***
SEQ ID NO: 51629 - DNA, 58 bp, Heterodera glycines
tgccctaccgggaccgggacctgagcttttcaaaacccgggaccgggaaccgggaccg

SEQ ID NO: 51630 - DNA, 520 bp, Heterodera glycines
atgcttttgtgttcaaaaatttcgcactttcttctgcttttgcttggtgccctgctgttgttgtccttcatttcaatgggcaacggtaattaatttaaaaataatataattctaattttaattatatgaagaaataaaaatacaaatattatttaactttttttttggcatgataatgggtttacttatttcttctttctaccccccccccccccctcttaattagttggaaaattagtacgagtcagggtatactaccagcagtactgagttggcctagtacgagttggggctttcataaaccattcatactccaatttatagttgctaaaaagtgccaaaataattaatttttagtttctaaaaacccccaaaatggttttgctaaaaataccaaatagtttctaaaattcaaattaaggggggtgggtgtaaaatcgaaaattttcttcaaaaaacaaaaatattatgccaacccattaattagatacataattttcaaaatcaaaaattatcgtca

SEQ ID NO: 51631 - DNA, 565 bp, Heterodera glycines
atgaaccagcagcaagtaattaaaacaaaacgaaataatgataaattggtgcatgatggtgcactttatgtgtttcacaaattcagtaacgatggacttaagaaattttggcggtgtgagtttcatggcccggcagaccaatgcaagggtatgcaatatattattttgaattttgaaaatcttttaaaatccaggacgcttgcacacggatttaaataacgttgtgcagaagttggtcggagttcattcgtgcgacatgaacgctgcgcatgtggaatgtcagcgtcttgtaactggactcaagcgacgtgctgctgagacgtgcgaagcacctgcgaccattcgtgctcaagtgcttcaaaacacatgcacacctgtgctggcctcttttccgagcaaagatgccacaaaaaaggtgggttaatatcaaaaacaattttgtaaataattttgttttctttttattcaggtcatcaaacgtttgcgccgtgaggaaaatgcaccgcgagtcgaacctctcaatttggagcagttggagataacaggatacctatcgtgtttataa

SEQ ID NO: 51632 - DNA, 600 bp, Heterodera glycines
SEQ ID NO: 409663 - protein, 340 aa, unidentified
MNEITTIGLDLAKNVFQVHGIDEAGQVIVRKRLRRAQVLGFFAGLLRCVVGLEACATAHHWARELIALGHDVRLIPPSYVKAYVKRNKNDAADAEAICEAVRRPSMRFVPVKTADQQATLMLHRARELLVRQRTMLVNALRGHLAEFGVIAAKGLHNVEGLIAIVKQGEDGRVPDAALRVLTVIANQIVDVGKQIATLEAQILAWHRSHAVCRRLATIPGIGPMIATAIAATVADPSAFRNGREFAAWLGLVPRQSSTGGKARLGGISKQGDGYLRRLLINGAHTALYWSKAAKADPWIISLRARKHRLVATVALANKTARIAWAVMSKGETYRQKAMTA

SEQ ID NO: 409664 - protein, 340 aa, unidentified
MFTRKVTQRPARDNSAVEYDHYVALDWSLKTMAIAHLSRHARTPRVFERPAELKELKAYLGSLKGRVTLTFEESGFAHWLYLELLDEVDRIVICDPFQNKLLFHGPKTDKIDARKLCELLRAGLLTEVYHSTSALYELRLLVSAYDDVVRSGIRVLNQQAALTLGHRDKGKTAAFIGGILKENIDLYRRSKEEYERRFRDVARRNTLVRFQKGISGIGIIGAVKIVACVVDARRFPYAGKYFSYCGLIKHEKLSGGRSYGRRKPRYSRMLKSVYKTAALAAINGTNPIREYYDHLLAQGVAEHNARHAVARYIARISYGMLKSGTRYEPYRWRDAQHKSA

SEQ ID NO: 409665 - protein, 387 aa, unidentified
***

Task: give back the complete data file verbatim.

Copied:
SEQ ID NO: 51629 - DNA, 58 bp, Heterodera glycines
tgccctaccgggaccgggacctgagcttttcaaaacccgggaccgggaaccgggaccg

SEQ ID NO: 51630 - DNA, 520 bp, Heterodera glycines
atgcttttgtgttcaaaaatttcgcactttcttctgcttttgcttggtgccctgctgttgttgtccttcatttcaatgggcaacggtaattaatttaaaaataatataattctaattttaattatatgaagaaataaaaatacaaatattatttaactttttttttggcatgataatgggtttacttatttcttctttctaccccccccccccccctcttaattagttggaaaattagtacgagtcagggtatactaccagcagtactgagttggcctagtacgagttggggctttcataaaccattcatactccaatttatagttgctaaaaagtgccaaaataattaatttttagtttctaaaaacccccaaaatggttttgctaaaaataccaaatagtttctaaaattcaaattaaggggggtgggtgtaaaatcgaaaattttcttcaaaaaacaaaaatattatgccaacccattaattagatacataattttcaaaatcaaaaattatcgtca

SEQ ID NO: 51631 - DNA, 565 bp, Heterodera glycines
atgaaccagcagcaagtaattaaaacaaaacgaaataatgataaattggtgcatgatggtgcactttatgtgtttcacaaattcagtaacgatggacttaagaaattttggcggtgtgagtttcatggcccggcagaccaatgcaagggtatgcaatatattattttgaattttgaaaatcttttaaaatccaggacgcttgcacacggatttaaataacgttgtgcagaagttggtcggagttcattcgtgcgacatgaacgctgcgcatgtggaatgtcagcgtcttgtaactggactcaagcgacgtgctgctgagacgtgcgaagcacctgcgaccattcgtgctcaagtgcttcaaaacacatgcacacctgtgctggcctcttttccgagcaaagatgccacaaaaaaggtgggttaatatcaaaaacaattttgtaaataattttgttttctttttattcaggtcatcaaacgtttgcgccgtgaggaaaatgcaccgcgagtcgaacctctcaatttggagcagttggagataacaggatacctatcgtgtttataa

SEQ ID NO: 51632 - DNA, 600 bp, Heterodera glycines
SEQ ID NO: 409663 - protein, 340 aa, unidentified
MNEITTIGLDLAKNVFQVHGIDEAGQVIVRKRLRRAQVLGFFAGLLRCVVGLEACATAHHWARELIALGHDVRLIPPSYVKAYVKRNKNDAADAEAICEAVRRPSMRFVPVKTADQQATLMLHRARELLVRQRTMLVNALRGHLAEFGVIAAKGLHNVEGLIAIVKQGEDGRVPDAALRVLTVIANQIVDVGKQIATLEAQILAWHRSHAVCRRLATIPGIGPMIATAIAATVADPSAFRNGREFAAWLGLVPRQSSTGGKARLGGISKQGDGYLRRLLINGAHTALYWSKAAKADPWIISLRARKHRLVATVALANKTARIAWAVMSKGETYRQKAMTA

SEQ ID NO: 409664 - protein, 340 aa, unidentified
MFTRKVTQRPARDNSAVEYDHYVALDWSLKTMAIAHLSRHARTPRVFERPAELKELKAYLGSLKGRVTLTFEESGFAHWLYLELLDEVDRIVICDPFQNKLLFHGPKTDKIDARKLCELLRAGLLTEVYHSTSALYELRLLVSAYDDVVRSGIRVLNQQAALTLGHRDKGKTAAFIGGILKENIDLYRRSKEEYERRFRDVARRNTLVRFQKGISGIGIIGAVKIVACVVDARRFPYAGKYFSYCGLIKHEKLSGGRSYGRRKPRYSRMLKSVYKTAALAAINGTNPIREYYDHLLAQGVAEHNARHAVARYIARISYGMLKSGTRYEPYRWRDAQHKSA

SEQ ID NO: 409665 - protein, 387 aa, unidentified